Another breast reconstruction option is a flap reconstruction through breast reduction. This is performed when partial mastectomy or lumpectomy is done. During this procedure, your oncologist or general surgeon will remove all of the cancerous tissue. Once completed, a plastic surgeon from The Centre, P.C. will create symmetry by performing a breast reduction and closing the incision.
An additional breast reconstruction option is a nipple-sparing mastectomy, or subcutaneous mastectomy, is a procedure in which all of the breast tissue is removed, but the nipple is left intact. You should discuss with your general surgeon and plastic surgeon to determine whether you are a candidate for a nipple-sparing mastectomy.
A flap or TRAM reconstruction is a major procedure and may require several days of hospitalization. Complete recovery usually takes about six weeks, although moving around will begin the day after surgery and you should be reasonably comfortable within ten to fourteen days. The donor site causes the most discomfort during healing.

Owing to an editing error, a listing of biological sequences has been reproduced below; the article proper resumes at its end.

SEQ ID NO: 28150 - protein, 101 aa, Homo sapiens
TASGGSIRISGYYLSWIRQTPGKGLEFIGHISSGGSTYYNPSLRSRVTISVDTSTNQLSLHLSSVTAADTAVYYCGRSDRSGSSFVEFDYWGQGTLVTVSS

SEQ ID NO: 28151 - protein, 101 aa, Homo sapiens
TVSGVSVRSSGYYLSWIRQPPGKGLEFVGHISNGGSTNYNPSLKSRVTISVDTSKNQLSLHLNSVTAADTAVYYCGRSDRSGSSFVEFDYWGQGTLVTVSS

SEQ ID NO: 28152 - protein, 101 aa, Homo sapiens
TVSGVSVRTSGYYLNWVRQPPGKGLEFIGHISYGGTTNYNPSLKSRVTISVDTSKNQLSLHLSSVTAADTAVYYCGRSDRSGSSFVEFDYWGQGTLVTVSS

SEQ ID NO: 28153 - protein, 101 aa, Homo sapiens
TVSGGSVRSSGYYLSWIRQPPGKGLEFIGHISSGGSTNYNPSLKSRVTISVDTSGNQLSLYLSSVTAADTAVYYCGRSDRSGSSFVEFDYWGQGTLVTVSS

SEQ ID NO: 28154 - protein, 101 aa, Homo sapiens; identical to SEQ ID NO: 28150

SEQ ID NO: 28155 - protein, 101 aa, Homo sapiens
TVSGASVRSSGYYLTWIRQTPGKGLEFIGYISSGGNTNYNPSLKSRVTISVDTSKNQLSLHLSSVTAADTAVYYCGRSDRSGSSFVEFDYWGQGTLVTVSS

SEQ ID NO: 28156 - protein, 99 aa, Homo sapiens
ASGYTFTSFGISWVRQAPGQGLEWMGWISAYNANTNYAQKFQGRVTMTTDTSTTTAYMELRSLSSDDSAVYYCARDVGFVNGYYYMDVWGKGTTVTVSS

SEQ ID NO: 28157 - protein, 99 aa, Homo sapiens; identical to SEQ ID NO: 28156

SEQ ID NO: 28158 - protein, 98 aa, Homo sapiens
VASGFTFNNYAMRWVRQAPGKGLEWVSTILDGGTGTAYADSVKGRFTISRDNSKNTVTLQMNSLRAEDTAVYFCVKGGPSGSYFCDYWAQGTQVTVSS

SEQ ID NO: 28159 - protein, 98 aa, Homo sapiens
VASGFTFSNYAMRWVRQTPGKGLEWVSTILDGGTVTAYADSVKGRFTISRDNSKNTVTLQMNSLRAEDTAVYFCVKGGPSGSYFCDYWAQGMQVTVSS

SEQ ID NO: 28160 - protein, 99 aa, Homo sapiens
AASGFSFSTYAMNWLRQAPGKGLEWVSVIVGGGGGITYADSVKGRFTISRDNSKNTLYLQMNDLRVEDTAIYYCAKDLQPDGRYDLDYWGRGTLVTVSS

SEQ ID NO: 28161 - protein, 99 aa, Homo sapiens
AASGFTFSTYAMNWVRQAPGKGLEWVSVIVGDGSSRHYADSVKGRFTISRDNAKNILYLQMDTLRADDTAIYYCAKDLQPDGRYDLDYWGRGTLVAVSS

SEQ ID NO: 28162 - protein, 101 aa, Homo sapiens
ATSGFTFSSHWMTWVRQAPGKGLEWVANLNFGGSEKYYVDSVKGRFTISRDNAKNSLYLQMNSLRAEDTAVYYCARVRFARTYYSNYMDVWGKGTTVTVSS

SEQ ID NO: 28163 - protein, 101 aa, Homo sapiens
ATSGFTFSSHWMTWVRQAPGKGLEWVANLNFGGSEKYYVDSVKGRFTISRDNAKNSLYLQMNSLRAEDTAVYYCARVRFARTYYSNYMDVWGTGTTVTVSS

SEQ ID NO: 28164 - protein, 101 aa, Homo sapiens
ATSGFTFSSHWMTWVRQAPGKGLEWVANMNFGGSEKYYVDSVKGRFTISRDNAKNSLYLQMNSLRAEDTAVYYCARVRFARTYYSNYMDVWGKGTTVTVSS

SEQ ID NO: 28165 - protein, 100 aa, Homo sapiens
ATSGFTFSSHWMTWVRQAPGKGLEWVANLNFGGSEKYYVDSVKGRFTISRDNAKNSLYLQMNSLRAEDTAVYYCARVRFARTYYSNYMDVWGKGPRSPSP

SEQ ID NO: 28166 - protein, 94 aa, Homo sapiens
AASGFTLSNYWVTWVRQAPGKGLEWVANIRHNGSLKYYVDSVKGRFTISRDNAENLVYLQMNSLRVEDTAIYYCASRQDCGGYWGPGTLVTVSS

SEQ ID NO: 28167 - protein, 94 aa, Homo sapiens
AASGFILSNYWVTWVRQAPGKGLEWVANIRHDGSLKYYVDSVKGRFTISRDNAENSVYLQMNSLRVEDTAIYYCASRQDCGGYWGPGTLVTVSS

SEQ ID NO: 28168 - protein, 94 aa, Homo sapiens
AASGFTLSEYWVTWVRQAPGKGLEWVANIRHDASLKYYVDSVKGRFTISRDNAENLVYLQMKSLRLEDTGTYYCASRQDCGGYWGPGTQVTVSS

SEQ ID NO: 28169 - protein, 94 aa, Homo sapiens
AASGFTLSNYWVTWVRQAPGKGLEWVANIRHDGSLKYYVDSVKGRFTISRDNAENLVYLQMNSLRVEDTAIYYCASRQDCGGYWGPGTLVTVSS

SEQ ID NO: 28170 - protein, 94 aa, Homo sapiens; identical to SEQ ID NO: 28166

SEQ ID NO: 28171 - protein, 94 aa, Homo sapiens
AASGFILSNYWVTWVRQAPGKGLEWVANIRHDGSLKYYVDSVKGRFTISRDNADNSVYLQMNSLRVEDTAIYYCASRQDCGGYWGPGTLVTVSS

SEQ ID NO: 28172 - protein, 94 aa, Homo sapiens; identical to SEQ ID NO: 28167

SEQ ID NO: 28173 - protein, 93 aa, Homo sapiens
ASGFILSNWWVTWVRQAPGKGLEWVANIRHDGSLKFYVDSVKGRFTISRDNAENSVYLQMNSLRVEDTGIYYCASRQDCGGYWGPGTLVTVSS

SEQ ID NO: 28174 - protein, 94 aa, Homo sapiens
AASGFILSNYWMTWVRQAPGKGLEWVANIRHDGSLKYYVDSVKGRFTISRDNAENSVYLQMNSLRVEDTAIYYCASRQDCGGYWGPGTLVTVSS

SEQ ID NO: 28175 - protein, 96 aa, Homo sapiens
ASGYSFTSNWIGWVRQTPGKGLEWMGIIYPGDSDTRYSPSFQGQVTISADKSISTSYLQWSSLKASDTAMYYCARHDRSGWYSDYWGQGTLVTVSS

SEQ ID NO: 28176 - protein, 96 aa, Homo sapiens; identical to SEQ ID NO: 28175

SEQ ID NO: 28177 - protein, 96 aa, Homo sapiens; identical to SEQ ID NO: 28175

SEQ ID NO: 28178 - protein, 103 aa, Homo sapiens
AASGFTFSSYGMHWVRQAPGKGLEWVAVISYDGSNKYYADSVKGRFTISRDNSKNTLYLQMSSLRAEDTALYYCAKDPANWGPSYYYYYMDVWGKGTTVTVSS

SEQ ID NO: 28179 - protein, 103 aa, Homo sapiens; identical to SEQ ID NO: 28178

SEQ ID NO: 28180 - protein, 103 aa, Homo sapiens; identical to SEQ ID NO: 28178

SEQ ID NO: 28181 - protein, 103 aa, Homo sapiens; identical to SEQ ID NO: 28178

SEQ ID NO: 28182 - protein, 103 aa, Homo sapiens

Depending on your type of breast reconstruction surgery, you will probably be released from the hospital within two to five days, or you may be able to return home on the day of your surgery. A surgical drain may be used to remove excess blood and fluid. In most cases, the drain will be removed in a week or two. Your plastic surgeon will let you know when you will be able to return to normal activities.
After your breast reconstruction surgery is complete, your reconstructed breast will feel firmer and look rounder than your natural breast. Reconstructed breasts may not have the same shape before the mastectomy or one breast may not identically match the other breast. While the differences may seem very noticeable to you, they will be less obvious others.